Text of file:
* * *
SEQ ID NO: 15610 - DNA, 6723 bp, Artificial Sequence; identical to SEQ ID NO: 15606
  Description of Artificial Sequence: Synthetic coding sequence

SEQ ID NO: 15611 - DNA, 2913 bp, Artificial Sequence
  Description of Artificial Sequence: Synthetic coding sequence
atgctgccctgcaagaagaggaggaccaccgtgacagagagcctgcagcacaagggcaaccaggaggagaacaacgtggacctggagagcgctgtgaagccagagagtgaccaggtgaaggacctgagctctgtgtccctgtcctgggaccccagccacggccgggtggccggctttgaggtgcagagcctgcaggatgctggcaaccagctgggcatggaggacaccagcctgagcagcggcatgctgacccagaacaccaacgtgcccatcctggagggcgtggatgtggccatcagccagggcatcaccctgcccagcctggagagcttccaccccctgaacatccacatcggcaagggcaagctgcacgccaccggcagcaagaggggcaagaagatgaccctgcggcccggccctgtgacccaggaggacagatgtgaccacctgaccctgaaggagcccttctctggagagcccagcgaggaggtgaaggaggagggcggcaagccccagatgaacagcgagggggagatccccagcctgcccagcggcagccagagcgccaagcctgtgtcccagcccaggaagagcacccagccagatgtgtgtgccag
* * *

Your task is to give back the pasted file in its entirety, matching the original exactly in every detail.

SEQ ID NO: 15610 - DNA, 6723 bp, Artificial Sequence; identical to SEQ ID NO: 15606
  Description of Artificial Sequence: Synthetic coding sequence

SEQ ID NO: 15611 - DNA, 2913 bp, Artificial Sequence
  Description of Artificial Sequence: Synthetic coding sequence
atgctgccctgcaagaagaggaggaccaccgtgacagagagcctgcagcacaagggcaaccaggaggagaacaacgtggacctggagagcgctgtgaagccagagagtgaccaggtgaaggacctgagctctgtgtccctgtcctgggaccccagccacggccgggtggccggctttgaggtgcagagcctgcaggatgctggcaaccagctgggcatggaggacaccagcctgagcagcggcatgctgacccagaacaccaacgtgcccatcctggagggcgtggatgtggccatcagccagggcatcaccctgcccagcctggagagcttccaccccctgaacatccacatcggcaagggcaagctgcacgccaccggcagcaagaggggcaagaagatgaccctgcggcccggccctgtgacccaggaggacagatgtgaccacctgaccctgaaggagcccttctctggagagcccagcgaggaggtgaaggaggagggcggcaagccccagatgaacagcgagggggagatccccagcctgcccagcggcagccagagcgccaagcctgtgtcccagcccaggaagagcacccagccagatgtgtgtgccag